So it’s your turn to shake hands and all of a sudden you realise that the guest of honour is none other than an Ambassador. If you are not sure who the guest of honour is as there are more than two people in the receiving line, always check who the person on the right hand side of the host is. The guest of honour is always on the right of the host – even at table. So, how do you address an ambassador or other person holding high office for that matter?
An ambassador is the formal representative of the Head of State of the country s/he represents. For this reason, he/she is addressed like the President, hence Your Excellency.
The correct greeting would therefore be “Good evening Your Excellency” while extending your hand to shake hands and keeping good eye contact. Should the ambassador speak to you briefly or ask you a question simply reply in a concise manner before moving on. This same greeting will be given to The President but not to the Prime Minister. The Prime Minister is addressed as Honourable or Prime Minister whereas a Minister is addressed as Honourable. The spouse of the Prime Minister would be addressed as Mrs and her surname. If the Archbishop is present, he would be greeted with Your Excellency too. If you happen to meet Prince William, The Duke of Cambridge then you would address him as Your Royal Highness first and subsequently Sir. Likewise the Duchess of Cambridge would be addressed as Your Royal Highness first and subsequently Ma’am. The correct formal address for The Queen of England is Your Majesty and subsequently Ma’am.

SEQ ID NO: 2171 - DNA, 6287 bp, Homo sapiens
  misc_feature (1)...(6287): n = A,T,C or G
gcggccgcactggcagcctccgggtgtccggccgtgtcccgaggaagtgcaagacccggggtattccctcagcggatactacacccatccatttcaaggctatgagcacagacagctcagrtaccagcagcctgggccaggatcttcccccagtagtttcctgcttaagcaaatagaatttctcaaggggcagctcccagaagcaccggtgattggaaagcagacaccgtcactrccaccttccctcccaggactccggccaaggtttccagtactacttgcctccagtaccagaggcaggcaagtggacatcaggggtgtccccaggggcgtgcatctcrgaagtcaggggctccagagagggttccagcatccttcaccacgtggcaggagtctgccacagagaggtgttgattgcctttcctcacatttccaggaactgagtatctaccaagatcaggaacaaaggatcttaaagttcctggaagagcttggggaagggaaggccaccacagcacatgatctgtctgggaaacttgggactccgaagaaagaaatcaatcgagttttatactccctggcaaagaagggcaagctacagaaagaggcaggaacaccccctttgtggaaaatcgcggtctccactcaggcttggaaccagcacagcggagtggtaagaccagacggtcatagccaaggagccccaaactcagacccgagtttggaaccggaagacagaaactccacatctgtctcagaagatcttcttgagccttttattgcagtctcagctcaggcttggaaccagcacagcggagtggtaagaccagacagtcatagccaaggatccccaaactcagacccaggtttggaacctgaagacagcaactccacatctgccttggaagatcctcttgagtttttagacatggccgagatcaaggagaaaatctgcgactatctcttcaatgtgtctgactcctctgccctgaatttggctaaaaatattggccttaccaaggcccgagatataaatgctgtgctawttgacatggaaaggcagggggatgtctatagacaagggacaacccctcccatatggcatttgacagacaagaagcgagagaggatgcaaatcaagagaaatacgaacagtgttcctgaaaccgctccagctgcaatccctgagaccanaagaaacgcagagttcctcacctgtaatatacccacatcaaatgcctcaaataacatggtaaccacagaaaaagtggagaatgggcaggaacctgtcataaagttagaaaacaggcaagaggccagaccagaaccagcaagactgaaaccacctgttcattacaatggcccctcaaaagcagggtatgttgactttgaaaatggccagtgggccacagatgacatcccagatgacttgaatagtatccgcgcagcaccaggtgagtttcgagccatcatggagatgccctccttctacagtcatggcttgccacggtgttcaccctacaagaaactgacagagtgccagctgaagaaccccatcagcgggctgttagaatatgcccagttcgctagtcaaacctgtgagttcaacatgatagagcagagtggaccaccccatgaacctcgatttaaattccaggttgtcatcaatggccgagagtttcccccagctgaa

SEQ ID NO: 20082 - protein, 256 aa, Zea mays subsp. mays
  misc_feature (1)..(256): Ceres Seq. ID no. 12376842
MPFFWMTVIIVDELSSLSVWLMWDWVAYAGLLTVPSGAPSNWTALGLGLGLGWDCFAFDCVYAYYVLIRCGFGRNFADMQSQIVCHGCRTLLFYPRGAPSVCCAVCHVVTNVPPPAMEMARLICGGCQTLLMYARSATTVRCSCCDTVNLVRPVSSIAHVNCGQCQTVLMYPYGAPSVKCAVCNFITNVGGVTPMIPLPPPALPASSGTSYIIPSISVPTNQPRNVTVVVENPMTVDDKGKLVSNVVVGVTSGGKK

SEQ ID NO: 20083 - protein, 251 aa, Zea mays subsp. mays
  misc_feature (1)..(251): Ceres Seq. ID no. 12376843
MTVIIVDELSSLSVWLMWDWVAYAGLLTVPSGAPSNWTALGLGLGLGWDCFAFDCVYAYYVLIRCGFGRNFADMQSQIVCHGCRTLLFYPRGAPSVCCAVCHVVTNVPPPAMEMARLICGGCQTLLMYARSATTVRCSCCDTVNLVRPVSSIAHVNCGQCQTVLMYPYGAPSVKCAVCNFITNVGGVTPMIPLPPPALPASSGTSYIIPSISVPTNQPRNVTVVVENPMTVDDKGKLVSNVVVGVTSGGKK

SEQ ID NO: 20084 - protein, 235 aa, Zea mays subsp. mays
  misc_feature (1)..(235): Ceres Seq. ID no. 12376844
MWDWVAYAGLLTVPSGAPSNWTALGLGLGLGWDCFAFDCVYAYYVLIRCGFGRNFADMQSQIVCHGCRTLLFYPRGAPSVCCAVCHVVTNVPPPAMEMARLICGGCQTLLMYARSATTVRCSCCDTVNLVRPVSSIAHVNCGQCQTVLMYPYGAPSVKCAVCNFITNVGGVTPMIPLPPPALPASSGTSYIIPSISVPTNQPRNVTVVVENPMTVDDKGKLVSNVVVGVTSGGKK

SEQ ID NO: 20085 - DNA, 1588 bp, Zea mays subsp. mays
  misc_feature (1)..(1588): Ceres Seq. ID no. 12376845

One of the most awkward moments people experience is when they are stuck and have no clue how to address a dignitary correctly. If this happens, try to listen to those in line before you and if this is not possible, opt for good evening and a warm smile.
Formal dining etiquette requires another dedicated post to cover all the dos and don’ts of formal dining however a special mention must go to the topics that are best avoided at table. Steer away from discussing religion, sexual orientation, war, money or politics and initiate pleasant conversation instead. The key to a good conversation starter is to ask appropriate open ended questions on topics that are unlikely to develop into heated arguments.
After the event
As with any event, if you’d like to leave a lasting impression take some time to send a note to the host to say what a lovely evening it was and to thank him/her once again for inviting you.
Remember that no matter who you are or what you are doing, your manners will have a direct impact on your professional and social success.
Ramona Galea is an International Etiquette Consultant and the Founder of First Class Etiquette which provides customised training programmes, including Corporate Etiquette programmes, delivered under licence from The International Etiquette and Protocol Academy of London.
For more information, drop her a line here [http://www.firstclassetiquette.net/contact-us/]